1) The transactions included in the block must have a reference to a block that is part of the current block chain (so transactions cannot be included in multiple blocks/chain forks).

2) The block must contain a minimum number of total coin-days-destroyed coming from the included transactions. The threshold depends on a general difficulty factor and an indivual difficulty level as a function of the amount of (non-decayed coins) burnt by the miner.

3) The transaction with the most coin-days-destroyed must be a transaction issued by the miner. (This condition is a replacement for the PoW in Model 1 and ensures that mining requires an effort.)

4) The block must include h(r), i.e. the hash of a random number chosen by the miner.

The nodes use the longest chain rule to select the new block chain. If two block chains consist of the same number of blocks, the nodes select the one they received first.
Please note that while these blocks include transactions, the described block chain isn't used to achieve consensus on transaction order. This is done in a second block chain, just like in Model 1.

The minters of the second block chain are selected by a secure decentralized random number generator protocol as used in Slasher. A pre-defined number of k miners of the first chain who submitted the random values r[i-k...i] (i being the index of the current block) have to reveal their numbers in a second round. Failing to participate is punished by the decay of all the coins burnt by the account (this rule is needed to prevent any manipulation of the outcome). Once the values are revealed, their sum is hashed and measured against the hashes of the accounts who mined the N latest blocks. The account with the lowest hamming distance is elected to mint the next block of the second block chain which contains all the transactions.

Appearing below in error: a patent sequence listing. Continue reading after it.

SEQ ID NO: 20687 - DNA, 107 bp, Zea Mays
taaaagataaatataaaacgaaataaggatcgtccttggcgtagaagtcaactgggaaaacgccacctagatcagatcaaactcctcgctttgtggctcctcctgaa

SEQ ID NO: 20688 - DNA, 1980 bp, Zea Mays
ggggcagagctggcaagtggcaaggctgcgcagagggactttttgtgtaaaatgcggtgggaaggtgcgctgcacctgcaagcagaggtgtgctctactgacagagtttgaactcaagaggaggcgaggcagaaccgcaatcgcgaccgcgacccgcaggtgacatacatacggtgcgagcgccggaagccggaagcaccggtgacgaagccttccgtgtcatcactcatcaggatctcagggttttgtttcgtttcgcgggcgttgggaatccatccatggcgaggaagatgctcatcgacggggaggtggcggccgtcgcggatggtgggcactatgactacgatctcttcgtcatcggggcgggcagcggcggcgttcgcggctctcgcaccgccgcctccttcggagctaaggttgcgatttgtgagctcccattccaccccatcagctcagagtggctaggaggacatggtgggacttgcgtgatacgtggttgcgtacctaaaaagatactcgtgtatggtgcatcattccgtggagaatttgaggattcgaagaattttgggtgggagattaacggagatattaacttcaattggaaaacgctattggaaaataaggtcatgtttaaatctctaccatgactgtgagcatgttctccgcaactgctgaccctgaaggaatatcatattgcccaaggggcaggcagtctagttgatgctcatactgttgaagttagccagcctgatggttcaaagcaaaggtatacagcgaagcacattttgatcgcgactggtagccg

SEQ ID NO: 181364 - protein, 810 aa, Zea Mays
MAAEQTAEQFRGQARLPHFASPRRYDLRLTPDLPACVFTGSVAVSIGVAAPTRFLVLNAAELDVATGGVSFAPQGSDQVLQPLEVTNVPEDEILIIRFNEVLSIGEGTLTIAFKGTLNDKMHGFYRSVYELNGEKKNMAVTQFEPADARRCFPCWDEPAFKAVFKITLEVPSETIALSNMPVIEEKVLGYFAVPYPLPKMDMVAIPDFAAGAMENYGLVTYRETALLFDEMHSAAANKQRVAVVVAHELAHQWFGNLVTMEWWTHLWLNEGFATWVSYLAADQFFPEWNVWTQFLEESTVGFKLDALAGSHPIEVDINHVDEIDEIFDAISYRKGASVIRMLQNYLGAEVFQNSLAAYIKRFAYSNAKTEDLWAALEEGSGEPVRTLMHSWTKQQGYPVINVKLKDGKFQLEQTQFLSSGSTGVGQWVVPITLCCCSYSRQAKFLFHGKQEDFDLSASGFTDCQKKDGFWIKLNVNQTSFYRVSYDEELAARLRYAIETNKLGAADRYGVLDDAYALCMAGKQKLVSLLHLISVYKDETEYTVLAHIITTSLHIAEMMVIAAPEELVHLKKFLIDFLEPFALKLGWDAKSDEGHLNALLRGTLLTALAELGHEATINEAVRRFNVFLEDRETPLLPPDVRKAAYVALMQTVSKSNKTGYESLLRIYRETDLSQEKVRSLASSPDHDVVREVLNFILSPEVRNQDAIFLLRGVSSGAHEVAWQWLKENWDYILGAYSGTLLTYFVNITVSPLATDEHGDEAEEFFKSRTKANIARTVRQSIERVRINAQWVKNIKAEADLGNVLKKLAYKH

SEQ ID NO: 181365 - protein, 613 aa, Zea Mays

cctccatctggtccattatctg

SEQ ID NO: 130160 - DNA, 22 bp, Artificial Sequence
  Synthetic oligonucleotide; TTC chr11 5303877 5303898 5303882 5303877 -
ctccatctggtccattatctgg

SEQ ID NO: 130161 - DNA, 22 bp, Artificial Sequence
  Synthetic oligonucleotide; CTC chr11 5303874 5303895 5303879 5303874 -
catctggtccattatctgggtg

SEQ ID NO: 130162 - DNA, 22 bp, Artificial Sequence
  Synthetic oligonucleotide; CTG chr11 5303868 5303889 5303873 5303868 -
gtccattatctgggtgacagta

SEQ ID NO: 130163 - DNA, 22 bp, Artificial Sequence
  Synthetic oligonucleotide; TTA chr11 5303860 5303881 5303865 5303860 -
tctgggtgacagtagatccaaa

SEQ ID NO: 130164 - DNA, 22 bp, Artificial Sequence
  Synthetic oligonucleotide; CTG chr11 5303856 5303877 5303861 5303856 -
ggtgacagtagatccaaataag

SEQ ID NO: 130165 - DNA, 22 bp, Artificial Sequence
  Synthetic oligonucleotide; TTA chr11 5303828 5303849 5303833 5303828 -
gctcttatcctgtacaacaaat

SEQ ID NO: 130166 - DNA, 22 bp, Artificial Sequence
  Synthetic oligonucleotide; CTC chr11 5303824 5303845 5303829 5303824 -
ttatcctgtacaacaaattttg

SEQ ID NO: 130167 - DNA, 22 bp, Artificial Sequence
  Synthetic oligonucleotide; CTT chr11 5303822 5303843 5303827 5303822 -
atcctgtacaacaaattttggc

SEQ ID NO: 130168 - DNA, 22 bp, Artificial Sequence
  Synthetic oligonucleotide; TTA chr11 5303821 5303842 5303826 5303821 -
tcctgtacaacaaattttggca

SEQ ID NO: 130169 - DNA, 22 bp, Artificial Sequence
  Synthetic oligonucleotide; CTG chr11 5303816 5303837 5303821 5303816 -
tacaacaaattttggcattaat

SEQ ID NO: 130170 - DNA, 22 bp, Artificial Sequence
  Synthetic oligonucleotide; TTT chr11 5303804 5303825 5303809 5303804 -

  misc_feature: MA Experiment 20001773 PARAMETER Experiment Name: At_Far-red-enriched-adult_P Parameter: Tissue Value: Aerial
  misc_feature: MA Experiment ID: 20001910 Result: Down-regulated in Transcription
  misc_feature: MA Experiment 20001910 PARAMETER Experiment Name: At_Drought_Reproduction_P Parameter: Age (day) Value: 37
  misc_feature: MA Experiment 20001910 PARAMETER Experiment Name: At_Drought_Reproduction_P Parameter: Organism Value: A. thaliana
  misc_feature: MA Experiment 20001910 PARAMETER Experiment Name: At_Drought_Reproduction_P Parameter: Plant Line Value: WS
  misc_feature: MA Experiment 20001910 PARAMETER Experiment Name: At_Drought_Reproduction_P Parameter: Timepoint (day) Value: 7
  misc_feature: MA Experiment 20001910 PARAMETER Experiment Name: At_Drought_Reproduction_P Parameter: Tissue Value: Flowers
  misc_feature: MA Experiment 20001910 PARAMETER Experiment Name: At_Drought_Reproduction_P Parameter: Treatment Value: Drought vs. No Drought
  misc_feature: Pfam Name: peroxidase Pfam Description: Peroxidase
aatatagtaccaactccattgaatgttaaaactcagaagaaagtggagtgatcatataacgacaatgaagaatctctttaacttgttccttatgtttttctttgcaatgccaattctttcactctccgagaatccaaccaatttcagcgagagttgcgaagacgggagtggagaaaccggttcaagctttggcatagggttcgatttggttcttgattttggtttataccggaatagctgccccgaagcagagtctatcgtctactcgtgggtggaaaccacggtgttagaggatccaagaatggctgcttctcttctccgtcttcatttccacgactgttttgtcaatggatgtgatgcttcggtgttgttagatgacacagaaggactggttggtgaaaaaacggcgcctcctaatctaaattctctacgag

Mining rewards and the decay of the burnt coins are the same as in Model 1.

Any thoughts and insights with regard to these models are highly appreciated.
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December 03, 2016, 06:47:52 PM
 #2

Sounds like what I was talking about in July:

https://bitcointalk.org/index.php?topic=1550027.0

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iamnotback
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December 04, 2016, 06:15:30 AM
 #3

To achieve this, we can take the hash of the hash of the latest block (in the first chain) and give the minting priviledge to the account with the lowest hamming distance to the block in question. Hence, the probability of becoming the next minter doesn't depend on the number of blocks that the account has mined in the first chain. Instead, every miner with at least one valid block has the same chance to mint the block.